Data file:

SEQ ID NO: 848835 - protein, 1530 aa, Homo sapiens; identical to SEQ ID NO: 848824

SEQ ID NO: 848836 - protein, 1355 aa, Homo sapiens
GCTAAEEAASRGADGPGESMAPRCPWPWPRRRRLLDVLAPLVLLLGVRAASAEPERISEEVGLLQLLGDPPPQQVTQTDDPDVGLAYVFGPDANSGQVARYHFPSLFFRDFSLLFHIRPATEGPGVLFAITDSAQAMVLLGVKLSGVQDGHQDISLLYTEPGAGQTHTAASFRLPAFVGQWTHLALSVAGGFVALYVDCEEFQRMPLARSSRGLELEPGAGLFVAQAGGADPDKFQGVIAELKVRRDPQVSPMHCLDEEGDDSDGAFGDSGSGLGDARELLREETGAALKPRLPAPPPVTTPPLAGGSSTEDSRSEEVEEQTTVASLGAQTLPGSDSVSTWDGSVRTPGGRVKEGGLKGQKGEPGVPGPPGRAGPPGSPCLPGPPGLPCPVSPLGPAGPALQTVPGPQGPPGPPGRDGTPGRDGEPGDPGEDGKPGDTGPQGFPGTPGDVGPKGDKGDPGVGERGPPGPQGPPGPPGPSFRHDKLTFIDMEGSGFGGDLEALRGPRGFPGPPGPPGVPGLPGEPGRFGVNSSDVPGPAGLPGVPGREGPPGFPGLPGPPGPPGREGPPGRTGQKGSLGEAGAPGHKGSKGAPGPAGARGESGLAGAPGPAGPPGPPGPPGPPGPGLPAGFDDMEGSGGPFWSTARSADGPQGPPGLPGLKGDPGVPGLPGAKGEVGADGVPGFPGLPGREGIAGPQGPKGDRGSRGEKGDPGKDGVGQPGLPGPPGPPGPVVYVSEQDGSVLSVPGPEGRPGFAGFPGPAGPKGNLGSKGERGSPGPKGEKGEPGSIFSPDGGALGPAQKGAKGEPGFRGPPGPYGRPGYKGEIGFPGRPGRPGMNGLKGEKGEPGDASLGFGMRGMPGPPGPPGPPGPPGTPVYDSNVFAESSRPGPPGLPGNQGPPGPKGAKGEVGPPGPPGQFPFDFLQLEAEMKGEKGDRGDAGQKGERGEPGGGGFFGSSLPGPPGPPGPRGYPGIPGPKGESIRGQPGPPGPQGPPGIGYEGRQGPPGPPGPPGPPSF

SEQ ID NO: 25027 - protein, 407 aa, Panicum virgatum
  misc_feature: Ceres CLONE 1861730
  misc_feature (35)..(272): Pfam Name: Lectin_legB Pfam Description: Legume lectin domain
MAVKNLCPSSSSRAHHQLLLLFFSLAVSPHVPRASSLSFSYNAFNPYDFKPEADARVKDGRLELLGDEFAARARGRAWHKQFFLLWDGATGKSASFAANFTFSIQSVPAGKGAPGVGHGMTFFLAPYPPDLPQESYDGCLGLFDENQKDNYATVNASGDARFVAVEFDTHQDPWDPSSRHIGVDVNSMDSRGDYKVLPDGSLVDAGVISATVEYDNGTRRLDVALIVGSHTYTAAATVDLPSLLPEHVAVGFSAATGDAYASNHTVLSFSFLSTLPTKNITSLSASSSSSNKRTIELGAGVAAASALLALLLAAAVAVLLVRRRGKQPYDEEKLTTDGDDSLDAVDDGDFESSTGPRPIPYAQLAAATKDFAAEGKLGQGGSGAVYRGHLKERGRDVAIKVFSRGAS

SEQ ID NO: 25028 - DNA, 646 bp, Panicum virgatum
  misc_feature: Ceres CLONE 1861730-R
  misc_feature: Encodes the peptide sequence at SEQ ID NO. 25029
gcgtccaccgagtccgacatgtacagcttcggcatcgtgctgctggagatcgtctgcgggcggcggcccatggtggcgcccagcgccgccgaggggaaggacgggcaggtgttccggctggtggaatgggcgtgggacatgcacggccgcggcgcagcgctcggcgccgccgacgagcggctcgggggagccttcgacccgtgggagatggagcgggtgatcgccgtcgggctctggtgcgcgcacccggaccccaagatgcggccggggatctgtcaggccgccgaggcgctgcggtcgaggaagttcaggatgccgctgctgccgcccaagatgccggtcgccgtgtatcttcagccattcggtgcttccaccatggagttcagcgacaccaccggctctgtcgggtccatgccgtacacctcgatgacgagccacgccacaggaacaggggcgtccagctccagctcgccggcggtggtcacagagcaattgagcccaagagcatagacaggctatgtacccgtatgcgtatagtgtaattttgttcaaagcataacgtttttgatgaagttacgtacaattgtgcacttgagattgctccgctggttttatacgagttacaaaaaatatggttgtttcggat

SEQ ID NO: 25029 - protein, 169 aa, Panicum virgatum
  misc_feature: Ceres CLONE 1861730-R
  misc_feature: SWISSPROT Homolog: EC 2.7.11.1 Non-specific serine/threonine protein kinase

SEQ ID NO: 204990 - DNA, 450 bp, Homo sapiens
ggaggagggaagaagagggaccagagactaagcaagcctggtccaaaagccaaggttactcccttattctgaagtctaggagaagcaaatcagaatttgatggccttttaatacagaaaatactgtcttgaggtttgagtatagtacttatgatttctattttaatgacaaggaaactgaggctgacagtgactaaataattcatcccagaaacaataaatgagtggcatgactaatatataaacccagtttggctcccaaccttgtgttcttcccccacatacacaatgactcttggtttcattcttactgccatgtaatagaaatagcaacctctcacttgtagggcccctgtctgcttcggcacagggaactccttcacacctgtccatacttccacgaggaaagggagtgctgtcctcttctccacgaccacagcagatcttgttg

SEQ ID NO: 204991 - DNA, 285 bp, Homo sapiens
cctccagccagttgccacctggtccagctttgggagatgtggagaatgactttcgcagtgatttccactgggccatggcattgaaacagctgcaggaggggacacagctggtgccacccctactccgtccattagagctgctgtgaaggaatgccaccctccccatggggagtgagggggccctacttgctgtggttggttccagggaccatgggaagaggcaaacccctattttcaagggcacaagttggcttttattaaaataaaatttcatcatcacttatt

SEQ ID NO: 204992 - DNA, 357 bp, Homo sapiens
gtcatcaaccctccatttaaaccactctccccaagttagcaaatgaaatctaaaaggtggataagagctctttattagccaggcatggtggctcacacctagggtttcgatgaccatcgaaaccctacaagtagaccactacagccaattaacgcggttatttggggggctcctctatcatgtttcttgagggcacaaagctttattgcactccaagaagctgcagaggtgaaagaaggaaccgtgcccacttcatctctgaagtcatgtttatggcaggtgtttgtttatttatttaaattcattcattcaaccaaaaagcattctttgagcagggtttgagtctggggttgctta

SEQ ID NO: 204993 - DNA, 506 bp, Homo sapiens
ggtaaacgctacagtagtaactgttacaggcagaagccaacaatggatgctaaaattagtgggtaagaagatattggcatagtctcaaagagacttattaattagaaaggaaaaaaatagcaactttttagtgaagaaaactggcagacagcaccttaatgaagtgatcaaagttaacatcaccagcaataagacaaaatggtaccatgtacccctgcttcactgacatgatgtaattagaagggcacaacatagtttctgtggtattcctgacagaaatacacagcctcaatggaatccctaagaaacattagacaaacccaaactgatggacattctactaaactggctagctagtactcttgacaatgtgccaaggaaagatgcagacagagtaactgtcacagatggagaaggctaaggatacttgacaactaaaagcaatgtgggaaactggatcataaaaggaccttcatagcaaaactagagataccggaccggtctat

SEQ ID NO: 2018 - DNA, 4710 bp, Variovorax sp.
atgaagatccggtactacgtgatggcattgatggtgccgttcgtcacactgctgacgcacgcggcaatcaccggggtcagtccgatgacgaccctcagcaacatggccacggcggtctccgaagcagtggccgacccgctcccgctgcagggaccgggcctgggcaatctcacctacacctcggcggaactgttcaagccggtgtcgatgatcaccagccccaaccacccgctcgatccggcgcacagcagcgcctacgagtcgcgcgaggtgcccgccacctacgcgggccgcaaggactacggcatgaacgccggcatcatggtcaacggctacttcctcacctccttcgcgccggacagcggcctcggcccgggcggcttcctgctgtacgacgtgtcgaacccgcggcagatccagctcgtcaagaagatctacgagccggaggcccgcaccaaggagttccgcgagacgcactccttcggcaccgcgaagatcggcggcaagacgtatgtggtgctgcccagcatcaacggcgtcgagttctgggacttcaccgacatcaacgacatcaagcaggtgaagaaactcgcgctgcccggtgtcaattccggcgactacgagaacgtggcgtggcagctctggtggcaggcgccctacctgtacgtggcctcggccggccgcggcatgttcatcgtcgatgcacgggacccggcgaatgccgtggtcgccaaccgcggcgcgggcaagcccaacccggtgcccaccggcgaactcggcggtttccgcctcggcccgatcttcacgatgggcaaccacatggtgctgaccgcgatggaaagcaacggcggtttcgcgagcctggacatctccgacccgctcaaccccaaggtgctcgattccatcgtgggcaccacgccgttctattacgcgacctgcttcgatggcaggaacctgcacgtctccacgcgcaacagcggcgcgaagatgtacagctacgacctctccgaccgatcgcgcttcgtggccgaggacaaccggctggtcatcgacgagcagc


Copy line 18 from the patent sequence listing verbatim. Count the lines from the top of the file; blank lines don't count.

cctccagccagttgccacctggtccagctttgggagatgtggagaatgactttcgcagtgatttccactgggccatggcattgaaacagctgcaggaggggacacagctggtgccacccctactccgtccattagagctgctgtgaaggaatgccaccctccccatggggagtgagggggccctacttgctgtggttggttccagggaccatgggaagaggcaaacccctattttcaagggcacaagttggcttttattaaaataaaatttcatcatcacttatt